Banks Lake, Washington, USA
Banks Lake is a 27 mile equalizing reservoir and part of the Columbia Basin Project, a major water resource project to provide irrigation water to fertile but arid land in central Washington. It was created when two rock-faced, earthfill dams were built at the ends of a large channel sculpted during the Ice Age. Banks Lake was named after Frank A. Banks, chief construction engineer of the…
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Welcome to the ultimate guide to Banks Lake! Article topics include:
- All About Banks Lake
- Where to Stay
- Vacation Planning Tools
- Things to Do
- Known Fish Species
- Banks Lake Map
- Statistics / Weather / Helpful Links
- Banks Lake Gifts
Looking for Banks Lake cabins or other accommodations? Save time and use this interactive map to find, compare and book at the best rates. Or explore more of our favorite travel partners.
All About Banks Lake, WA
Banks Lake is a 27 mile equalizing reservoir and part of the Columbia Basin Project, a major water resource project to provide irrigation water to fertile but arid land in central Washington. It was created when two rock-faced, earthfill dams were built at the ends of a large channel sculpted during the Ice Age. Banks Lake was named after Frank A. Banks, chief construction engineer of the Grand Coulee Dam, the main feature of the Columbia Basin Project.
Water for Banks Lake is pumped from Lake Roosevelt through the Banks Lake Feeder Canal and then into Banks Lake. Water is held in Banks Lake until needed for irrigation but the active storage can be replaced seven or eight times a year depending on demand for irrigation. Water is typically pumped into Banks Lake from May to September during the typical growing seasons on area farms. The final weeks of pumping build a reserve in Banks Lake that may be held until needed in late fall or early spring before pumping begins again next May.
Although the water in Banks Lake is drawn down several times, the minimum water surface elevation is 1560 feet. Fishing at Banks Lake offers the avid angler opportunities for small and large mouth bass, yellow perch, rainbow trout, walleye, kokanee, black crappie, bullhead, and whitefish.
For recreational opportunities at Banks Lake, visit Steamboat Rock State Park which offers a 3,522 acre camping facility with 50,000 feet of waterfront access for swimming, fishing, boating, and other water activities. There are seven boat ramps at three different sites along Banks Lake with 320 feet of dock reserved for boat handling only. In addition to typical water sports, rock climbing is also offered at the park. During the winter, skiing is permitted on the many trails throughout the park.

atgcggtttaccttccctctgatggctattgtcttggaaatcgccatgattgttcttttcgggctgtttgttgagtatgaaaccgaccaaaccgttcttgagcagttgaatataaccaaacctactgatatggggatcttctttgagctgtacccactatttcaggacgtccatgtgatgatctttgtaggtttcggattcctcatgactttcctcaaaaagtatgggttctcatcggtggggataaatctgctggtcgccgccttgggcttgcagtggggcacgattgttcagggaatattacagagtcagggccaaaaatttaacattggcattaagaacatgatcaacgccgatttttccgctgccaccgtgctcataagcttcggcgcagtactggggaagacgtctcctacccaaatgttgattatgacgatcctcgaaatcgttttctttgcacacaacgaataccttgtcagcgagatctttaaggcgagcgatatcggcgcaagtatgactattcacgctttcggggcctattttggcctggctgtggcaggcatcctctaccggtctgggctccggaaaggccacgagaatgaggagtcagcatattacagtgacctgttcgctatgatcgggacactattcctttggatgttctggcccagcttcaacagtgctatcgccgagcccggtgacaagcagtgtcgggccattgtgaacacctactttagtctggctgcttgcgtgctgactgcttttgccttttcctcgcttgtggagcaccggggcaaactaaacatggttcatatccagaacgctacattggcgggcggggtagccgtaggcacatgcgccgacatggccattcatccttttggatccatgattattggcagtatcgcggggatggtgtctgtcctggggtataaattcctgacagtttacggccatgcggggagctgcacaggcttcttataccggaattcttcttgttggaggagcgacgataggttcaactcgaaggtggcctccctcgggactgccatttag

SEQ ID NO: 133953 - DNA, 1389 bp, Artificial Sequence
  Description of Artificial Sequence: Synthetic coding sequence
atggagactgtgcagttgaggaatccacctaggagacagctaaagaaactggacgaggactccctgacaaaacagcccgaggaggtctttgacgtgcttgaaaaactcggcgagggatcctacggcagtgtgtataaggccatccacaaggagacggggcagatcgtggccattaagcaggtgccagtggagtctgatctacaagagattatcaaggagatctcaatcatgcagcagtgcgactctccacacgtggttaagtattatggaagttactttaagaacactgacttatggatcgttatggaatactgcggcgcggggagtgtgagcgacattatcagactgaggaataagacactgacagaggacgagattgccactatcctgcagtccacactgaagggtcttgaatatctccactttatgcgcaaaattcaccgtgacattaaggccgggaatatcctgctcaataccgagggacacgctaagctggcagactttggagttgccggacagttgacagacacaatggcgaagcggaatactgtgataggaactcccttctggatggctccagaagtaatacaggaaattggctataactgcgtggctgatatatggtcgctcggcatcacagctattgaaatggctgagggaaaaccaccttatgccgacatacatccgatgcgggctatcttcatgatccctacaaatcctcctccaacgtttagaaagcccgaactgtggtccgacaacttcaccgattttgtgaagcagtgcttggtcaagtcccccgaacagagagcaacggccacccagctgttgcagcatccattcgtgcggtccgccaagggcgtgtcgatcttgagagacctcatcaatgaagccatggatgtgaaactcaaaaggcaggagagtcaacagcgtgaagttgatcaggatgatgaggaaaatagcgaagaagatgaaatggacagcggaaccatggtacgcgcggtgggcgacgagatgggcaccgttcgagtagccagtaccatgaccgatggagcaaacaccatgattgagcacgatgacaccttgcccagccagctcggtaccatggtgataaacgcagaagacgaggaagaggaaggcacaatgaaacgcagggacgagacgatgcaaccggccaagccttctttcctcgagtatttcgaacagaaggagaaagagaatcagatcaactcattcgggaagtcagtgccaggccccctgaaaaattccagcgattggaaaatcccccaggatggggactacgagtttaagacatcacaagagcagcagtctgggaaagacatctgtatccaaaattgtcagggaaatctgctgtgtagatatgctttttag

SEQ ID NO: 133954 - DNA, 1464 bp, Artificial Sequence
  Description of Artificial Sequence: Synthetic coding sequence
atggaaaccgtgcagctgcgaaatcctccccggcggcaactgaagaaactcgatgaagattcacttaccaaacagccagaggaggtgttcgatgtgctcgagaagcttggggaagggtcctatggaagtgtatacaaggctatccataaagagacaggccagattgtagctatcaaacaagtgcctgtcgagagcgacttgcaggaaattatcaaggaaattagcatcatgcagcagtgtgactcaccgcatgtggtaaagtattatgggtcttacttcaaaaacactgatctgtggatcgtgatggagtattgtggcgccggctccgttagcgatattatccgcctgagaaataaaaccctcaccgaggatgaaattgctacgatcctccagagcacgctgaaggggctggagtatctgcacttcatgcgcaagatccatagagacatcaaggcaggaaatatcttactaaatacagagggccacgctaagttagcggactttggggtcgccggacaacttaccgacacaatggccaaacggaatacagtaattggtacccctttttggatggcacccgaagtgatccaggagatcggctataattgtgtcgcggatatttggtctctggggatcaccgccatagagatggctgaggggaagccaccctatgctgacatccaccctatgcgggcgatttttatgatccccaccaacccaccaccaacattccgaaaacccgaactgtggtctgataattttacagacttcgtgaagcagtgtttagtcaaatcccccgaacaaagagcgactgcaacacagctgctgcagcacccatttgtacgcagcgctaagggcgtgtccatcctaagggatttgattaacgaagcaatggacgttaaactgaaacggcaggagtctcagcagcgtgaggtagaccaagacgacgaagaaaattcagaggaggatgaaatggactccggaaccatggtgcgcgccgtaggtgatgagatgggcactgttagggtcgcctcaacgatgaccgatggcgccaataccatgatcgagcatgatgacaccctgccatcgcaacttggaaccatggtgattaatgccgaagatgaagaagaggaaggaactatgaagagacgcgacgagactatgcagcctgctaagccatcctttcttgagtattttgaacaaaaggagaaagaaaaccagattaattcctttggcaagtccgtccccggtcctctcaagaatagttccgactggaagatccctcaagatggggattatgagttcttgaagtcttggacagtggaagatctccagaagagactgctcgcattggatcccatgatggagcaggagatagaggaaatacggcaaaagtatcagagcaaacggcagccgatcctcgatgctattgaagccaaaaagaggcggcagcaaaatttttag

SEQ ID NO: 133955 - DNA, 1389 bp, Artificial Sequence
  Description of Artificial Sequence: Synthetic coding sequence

The Banks Lake area is uncrowded with much of the land used for farming. Located at the north end of Banks Lake is the city of Grand Coulee with a reported population of 897 in the 2000 census. On the south end of Banks Lake is the town of Coulee City with a population of 600 in the 2000 census.
Although Banks Lake was originally formed for irrigation, it has become an oasis in the desert for those seeking recreation and relaxation.
Things to Do at Banks Lake
These are some activities in the Banks Lake, WA area visitors can enjoy:
- Vacation Rentals
- Rock Climbing
- State Park
What Kind of Fish Are in Banks Lake?
Banks Lake has been known to have the following fish species:
- Black Crappie
- Kokanee Salmon
- Largemouth Bass
- Rainbow Trout
- Yellow Perch
Find Places to Stay at Banks Lake
If you’re considering a Banks Lake lake house rental or hotel, we’ve made it super easy to find the best rates and compare vacation accommodations at a glance. Save time using this interactive map below.
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More Sites to Book a Banks Lake Vacation
Our interactive Banks Lake lodging map above is an easy tool for comparing VRBO rental homes and nearby hotels with Booking.com, but there could be times when you need to expand your search for different types of accommodations. Here are some other lake lodging partners we recommend:
Banks Lake Statistics & Helpful Links
Lake Type: Artificial Reservoir, Dammed
Water Level Control: Bureau of Reclamation
Surface Area: 27,000 acres
Shoreline Length: 135 miles
Normal Elevation (Full Pond): 1,570 feet
Average Depth: 46 feet
Maximum Depth: 177 feet
Water Volume: 1,275,000 acre-feet
Completion Year: 1951
Trophic State: Eutrophic
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